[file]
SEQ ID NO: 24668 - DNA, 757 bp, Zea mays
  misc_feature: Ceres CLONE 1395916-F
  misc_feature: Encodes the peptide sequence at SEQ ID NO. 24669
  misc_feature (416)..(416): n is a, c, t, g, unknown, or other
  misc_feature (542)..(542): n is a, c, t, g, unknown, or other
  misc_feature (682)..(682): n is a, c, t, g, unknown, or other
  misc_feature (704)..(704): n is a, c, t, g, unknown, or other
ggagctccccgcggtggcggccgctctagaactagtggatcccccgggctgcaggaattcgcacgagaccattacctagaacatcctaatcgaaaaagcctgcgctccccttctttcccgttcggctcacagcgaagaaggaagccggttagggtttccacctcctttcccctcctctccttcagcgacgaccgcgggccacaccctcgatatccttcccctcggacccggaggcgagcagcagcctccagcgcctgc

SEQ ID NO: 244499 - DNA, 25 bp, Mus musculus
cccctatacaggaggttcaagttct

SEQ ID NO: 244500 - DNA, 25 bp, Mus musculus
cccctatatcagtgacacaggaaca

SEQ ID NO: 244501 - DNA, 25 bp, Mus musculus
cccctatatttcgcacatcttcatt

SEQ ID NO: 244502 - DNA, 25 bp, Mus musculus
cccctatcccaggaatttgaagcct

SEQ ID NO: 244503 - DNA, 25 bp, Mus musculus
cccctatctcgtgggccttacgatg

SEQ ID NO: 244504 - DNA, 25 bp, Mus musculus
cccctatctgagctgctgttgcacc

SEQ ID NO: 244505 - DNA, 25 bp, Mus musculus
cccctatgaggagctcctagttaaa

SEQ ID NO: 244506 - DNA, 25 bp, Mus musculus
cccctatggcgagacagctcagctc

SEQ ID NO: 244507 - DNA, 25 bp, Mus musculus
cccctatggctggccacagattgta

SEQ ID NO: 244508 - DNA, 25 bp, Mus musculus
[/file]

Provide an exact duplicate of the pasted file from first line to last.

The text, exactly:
SEQ ID NO: 24668 - DNA, 757 bp, Zea mays
  misc_feature: Ceres CLONE 1395916-F
  misc_feature: Encodes the peptide sequence at SEQ ID NO. 24669
  misc_feature (416)..(416): n is a, c, t, g, unknown, or other
  misc_feature (542)..(542): n is a, c, t, g, unknown, or other
  misc_feature (682)..(682): n is a, c, t, g, unknown, or other
  misc_feature (704)..(704): n is a, c, t, g, unknown, or other
ggagctccccgcggtggcggccgctctagaactagtggatcccccgggctgcaggaattcgcacgagaccattacctagaacatcctaatcgaaaaagcctgcgctccccttctttcccgttcggctcacagcgaagaaggaagccggttagggtttccacctcctttcccctcctctccttcagcgacgaccgcgggccacaccctcgatatccttcccctcggacccggaggcgagcagcagcctccagcgcctgc

SEQ ID NO: 244499 - DNA, 25 bp, Mus musculus
cccctatacaggaggttcaagttct

SEQ ID NO: 244500 - DNA, 25 bp, Mus musculus
cccctatatcagtgacacaggaaca

SEQ ID NO: 244501 - DNA, 25 bp, Mus musculus
cccctatatttcgcacatcttcatt

SEQ ID NO: 244502 - DNA, 25 bp, Mus musculus
cccctatcccaggaatttgaagcct

SEQ ID NO: 244503 - DNA, 25 bp, Mus musculus
cccctatctcgtgggccttacgatg

SEQ ID NO: 244504 - DNA, 25 bp, Mus musculus
cccctatctgagctgctgttgcacc

SEQ ID NO: 244505 - DNA, 25 bp, Mus musculus
cccctatgaggagctcctagttaaa

SEQ ID NO: 244506 - DNA, 25 bp, Mus musculus
cccctatggcgagacagctcagctc

SEQ ID NO: 244507 - DNA, 25 bp, Mus musculus
cccctatggctggccacagattgta

SEQ ID NO: 244508 - DNA, 25 bp, Mus musculus